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ICA-based reduction of electromyogenic artifacts in EEG data: comparison with and without EMG data.

Authors
Type
Published Article
Journal
Annual International Conference of the IEEE Engineering in Medicine and Biology Society
1557-170X
Publication Date
Volume
2014
Pages
3861–3864
Identifiers
DOI: 10.1109/EMBC.2014.6944466
PMID: 25570834
Source
Medline

Abstract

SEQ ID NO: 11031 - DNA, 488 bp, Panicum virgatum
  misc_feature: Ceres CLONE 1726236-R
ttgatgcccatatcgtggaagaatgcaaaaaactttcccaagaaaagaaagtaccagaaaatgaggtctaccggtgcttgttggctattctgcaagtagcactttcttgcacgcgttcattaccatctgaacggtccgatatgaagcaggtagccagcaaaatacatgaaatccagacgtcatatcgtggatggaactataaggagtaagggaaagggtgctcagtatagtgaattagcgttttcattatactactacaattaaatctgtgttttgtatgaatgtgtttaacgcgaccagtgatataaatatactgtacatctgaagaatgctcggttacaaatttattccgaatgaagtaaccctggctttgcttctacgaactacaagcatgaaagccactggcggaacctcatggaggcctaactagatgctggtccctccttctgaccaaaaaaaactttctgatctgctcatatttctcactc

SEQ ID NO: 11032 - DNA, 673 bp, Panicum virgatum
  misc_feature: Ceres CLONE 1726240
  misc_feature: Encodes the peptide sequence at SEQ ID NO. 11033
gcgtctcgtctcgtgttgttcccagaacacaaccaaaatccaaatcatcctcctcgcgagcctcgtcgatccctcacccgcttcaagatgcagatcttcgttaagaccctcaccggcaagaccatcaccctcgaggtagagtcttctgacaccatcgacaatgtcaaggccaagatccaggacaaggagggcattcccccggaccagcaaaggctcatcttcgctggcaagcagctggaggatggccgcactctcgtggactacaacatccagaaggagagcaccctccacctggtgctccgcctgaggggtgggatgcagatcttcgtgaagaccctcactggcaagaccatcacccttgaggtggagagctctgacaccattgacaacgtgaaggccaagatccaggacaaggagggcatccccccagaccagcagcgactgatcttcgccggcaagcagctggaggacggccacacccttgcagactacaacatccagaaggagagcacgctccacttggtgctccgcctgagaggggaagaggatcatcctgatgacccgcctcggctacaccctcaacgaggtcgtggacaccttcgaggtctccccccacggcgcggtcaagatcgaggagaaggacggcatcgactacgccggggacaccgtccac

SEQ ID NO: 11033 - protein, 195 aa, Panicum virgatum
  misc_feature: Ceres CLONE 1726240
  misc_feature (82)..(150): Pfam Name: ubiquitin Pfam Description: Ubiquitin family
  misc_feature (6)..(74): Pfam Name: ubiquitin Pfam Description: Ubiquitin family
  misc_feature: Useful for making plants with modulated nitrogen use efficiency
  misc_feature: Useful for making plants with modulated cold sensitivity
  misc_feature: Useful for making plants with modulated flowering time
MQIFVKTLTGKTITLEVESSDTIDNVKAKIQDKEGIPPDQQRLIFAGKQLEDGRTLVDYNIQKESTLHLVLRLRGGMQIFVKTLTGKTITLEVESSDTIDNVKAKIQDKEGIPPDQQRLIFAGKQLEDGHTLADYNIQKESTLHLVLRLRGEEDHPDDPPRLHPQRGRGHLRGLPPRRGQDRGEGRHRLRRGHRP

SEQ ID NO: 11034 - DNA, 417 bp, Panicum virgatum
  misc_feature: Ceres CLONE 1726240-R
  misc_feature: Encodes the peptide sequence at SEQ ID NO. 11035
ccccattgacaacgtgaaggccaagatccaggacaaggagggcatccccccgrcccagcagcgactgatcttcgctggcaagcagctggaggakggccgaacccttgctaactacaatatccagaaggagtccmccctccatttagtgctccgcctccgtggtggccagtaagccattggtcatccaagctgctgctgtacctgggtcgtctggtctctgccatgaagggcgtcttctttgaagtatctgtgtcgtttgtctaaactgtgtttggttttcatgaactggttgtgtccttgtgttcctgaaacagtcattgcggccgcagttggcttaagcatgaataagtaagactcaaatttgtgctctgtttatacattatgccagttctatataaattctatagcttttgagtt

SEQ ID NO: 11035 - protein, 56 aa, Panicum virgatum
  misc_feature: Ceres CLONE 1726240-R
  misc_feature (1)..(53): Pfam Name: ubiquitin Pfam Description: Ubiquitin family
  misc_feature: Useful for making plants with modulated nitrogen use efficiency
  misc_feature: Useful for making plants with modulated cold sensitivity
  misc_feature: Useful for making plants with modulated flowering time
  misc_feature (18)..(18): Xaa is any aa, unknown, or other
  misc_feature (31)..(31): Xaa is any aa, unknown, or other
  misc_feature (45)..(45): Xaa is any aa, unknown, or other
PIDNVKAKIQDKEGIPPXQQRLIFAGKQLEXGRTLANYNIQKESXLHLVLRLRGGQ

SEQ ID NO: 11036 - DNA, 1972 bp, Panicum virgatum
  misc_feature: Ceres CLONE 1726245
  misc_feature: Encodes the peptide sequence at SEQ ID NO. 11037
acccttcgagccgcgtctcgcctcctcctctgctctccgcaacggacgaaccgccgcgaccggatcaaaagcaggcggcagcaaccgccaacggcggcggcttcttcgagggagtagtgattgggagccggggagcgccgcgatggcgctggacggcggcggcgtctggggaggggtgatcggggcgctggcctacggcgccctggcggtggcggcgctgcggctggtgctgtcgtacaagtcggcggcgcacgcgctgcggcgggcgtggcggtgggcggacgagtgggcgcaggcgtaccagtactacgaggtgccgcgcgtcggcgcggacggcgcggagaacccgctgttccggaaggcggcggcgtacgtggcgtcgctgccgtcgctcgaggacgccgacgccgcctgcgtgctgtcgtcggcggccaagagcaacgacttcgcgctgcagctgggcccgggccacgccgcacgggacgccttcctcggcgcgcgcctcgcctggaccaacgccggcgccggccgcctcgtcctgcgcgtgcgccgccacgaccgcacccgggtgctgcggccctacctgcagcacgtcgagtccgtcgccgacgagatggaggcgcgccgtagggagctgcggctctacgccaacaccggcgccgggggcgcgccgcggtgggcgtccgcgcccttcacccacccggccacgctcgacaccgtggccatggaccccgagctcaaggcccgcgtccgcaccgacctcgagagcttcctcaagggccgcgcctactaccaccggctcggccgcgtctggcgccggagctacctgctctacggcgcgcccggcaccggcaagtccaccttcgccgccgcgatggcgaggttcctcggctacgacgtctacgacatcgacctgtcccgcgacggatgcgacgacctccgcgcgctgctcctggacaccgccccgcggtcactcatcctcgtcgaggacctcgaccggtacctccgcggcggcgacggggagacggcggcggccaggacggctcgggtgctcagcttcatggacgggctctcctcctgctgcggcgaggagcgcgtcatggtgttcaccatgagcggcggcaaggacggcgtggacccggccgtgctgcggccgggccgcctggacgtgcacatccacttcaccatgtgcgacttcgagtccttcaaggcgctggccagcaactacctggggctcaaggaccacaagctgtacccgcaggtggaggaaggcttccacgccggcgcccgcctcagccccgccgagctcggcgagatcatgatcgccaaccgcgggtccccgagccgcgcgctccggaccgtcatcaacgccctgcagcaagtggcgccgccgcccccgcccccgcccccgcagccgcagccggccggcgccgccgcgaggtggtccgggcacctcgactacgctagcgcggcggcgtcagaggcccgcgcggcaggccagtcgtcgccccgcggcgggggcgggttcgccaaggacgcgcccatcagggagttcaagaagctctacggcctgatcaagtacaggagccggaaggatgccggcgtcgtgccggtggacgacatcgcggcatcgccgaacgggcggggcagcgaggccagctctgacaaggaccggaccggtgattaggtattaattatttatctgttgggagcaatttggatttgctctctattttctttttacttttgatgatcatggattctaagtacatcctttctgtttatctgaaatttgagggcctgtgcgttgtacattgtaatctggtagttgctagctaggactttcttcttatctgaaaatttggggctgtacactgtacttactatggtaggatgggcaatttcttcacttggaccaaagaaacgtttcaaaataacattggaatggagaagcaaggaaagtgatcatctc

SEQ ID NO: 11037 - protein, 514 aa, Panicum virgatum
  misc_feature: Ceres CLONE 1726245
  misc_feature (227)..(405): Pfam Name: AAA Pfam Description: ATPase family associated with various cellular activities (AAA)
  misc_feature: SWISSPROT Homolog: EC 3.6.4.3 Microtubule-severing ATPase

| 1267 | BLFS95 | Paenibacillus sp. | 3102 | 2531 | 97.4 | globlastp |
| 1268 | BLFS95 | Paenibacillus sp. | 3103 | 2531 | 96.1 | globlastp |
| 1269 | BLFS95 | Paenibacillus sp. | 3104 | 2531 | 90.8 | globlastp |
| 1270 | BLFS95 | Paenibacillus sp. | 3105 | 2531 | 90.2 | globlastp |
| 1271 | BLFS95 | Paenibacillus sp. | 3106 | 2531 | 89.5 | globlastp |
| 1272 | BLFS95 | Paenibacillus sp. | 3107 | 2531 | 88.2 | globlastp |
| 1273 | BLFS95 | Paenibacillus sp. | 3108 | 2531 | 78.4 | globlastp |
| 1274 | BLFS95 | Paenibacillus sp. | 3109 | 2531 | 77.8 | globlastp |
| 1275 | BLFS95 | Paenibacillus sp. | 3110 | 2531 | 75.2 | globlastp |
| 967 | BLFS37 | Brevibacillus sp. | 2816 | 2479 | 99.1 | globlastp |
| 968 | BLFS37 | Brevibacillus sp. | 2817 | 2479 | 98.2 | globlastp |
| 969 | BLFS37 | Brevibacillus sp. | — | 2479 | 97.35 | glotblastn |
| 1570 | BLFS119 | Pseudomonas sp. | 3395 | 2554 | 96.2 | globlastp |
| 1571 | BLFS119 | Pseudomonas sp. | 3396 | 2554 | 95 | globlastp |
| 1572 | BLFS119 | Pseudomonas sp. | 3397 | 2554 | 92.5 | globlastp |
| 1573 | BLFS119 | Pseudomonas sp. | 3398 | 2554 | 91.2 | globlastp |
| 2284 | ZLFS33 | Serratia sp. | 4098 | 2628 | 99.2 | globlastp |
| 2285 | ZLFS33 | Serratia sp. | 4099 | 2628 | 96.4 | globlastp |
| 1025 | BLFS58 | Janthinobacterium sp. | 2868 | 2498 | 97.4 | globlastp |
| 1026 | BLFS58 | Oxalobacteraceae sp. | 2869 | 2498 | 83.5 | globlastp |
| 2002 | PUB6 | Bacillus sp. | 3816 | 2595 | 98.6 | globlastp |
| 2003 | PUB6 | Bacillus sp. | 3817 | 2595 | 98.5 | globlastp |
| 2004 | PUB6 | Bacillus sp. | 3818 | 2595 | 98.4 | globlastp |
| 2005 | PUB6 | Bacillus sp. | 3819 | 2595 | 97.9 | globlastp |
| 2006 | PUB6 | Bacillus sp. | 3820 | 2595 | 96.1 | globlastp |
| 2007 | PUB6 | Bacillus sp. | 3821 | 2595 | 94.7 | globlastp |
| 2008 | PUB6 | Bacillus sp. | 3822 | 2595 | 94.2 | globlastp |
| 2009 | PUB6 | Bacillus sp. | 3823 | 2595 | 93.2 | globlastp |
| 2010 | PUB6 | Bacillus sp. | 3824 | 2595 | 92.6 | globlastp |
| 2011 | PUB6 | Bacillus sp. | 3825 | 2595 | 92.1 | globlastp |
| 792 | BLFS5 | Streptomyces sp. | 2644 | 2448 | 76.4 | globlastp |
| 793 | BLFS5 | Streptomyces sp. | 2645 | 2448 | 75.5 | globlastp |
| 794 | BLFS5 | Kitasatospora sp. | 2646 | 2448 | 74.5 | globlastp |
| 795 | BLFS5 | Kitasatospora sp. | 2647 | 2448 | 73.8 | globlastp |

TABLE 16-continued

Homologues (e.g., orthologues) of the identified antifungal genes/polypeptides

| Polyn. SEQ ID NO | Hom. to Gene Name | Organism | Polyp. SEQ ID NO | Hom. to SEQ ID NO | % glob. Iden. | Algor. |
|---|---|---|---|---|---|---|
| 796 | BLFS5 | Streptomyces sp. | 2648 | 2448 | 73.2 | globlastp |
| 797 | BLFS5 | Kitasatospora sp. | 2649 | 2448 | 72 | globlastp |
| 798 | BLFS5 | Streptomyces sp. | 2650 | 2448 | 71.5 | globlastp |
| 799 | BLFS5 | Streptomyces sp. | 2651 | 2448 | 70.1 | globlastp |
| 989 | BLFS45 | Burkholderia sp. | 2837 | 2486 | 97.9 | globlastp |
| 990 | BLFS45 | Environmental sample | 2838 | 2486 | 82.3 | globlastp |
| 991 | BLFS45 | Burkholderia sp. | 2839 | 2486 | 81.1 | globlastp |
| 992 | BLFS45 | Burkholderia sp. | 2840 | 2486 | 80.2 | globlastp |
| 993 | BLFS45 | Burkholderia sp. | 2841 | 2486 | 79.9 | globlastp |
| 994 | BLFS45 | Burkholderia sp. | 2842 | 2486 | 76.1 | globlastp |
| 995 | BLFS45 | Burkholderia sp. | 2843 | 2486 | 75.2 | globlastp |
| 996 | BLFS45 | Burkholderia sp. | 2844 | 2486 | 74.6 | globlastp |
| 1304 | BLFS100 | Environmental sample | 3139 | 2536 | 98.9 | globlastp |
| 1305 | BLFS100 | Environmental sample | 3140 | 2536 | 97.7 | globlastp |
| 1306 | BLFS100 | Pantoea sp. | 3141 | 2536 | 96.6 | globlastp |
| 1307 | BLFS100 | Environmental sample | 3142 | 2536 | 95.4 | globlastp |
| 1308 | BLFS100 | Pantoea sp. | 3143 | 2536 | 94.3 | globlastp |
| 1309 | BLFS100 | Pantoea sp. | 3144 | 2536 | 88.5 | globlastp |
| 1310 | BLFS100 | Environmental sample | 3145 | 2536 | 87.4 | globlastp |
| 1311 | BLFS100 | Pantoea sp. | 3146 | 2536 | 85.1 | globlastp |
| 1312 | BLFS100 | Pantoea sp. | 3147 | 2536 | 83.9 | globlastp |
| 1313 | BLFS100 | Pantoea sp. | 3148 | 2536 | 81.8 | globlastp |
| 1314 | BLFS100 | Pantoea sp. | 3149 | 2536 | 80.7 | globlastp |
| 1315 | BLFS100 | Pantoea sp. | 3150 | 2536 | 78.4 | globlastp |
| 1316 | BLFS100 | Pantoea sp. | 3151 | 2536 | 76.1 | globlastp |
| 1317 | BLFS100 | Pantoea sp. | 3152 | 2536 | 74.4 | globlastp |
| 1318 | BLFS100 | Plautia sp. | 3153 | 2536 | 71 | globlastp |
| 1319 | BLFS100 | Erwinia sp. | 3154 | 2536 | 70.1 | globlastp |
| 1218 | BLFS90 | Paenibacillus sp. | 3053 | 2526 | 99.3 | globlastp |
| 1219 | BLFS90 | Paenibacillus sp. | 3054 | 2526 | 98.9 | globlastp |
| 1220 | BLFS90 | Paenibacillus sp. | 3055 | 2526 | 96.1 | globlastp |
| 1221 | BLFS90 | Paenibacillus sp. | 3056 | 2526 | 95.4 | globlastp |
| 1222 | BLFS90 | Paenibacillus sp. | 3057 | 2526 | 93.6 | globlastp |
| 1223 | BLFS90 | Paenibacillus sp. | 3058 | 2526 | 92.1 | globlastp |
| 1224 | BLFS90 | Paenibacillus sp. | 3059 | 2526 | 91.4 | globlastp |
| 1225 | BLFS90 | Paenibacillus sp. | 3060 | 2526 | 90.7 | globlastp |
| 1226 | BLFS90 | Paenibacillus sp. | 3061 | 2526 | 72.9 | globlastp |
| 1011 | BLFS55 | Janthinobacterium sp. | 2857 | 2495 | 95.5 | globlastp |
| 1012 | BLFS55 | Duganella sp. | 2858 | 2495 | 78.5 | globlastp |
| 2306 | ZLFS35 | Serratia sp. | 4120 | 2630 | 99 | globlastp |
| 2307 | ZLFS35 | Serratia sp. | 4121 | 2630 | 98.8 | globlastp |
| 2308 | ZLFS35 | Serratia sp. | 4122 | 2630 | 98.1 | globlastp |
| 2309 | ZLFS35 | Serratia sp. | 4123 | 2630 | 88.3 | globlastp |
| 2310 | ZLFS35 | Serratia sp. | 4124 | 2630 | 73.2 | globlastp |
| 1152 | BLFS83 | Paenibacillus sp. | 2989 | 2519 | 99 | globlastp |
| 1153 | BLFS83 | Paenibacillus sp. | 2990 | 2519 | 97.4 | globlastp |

Analysis of electroencephalography (EEG) recorded during movement is often aggravated or even completely hindered by electromyogenic artifacts. This is caused by the overlapping frequencies of brain and myogenic activity and the higher amplitude of the myogenic signals. One commonly employed computational technique to reduce these types of artifacts is Independent Component Analysis (ICA). ICA estimates statistically independent components (ICs) that, when linearly combined, closely match the input (sensor) data. Removing the ICs that represent artifact sources and re-mixing the sources returns the input data with reduced noise activity. ICs of real-world data are usually not perfectly separated, actual sources, but a mixture of these sources. Adding additional input signals, predominantly generated by a single IC that is already part of the original sensor data, should increase that IC's separability. We conducted this study to evaluate this concept for ICA-based electromyogenic artifact reduction in EEG using EMG signals as additional inputs. To acquire the appropriate data we worked with nine human volunteers. The EEG and EMG were recorded while the study volunteers performed seven exercises designed to produce a wide range of representative myogenic artifacts. To evaluate the effect of the EMG signals we estimated the sources of each dataset once with and once without the EMG data. The ICs were automatically classified as either `myogenic' or `non-myogenic'. We removed the former before back projection. Afterwards we calculated an objective measure to quantify the artifact reduction and assess the effect of including EMG signals. Our study showed that the ICA-based reduction of electromyogenic artifacts can be improved by including the EMG data of artifact-inducing muscles. This approach could prove beneficial for locomotor disorder research, brain-computer interfaces, neurofeedback, and most other areas where brain activity during movement has to be analyzed.

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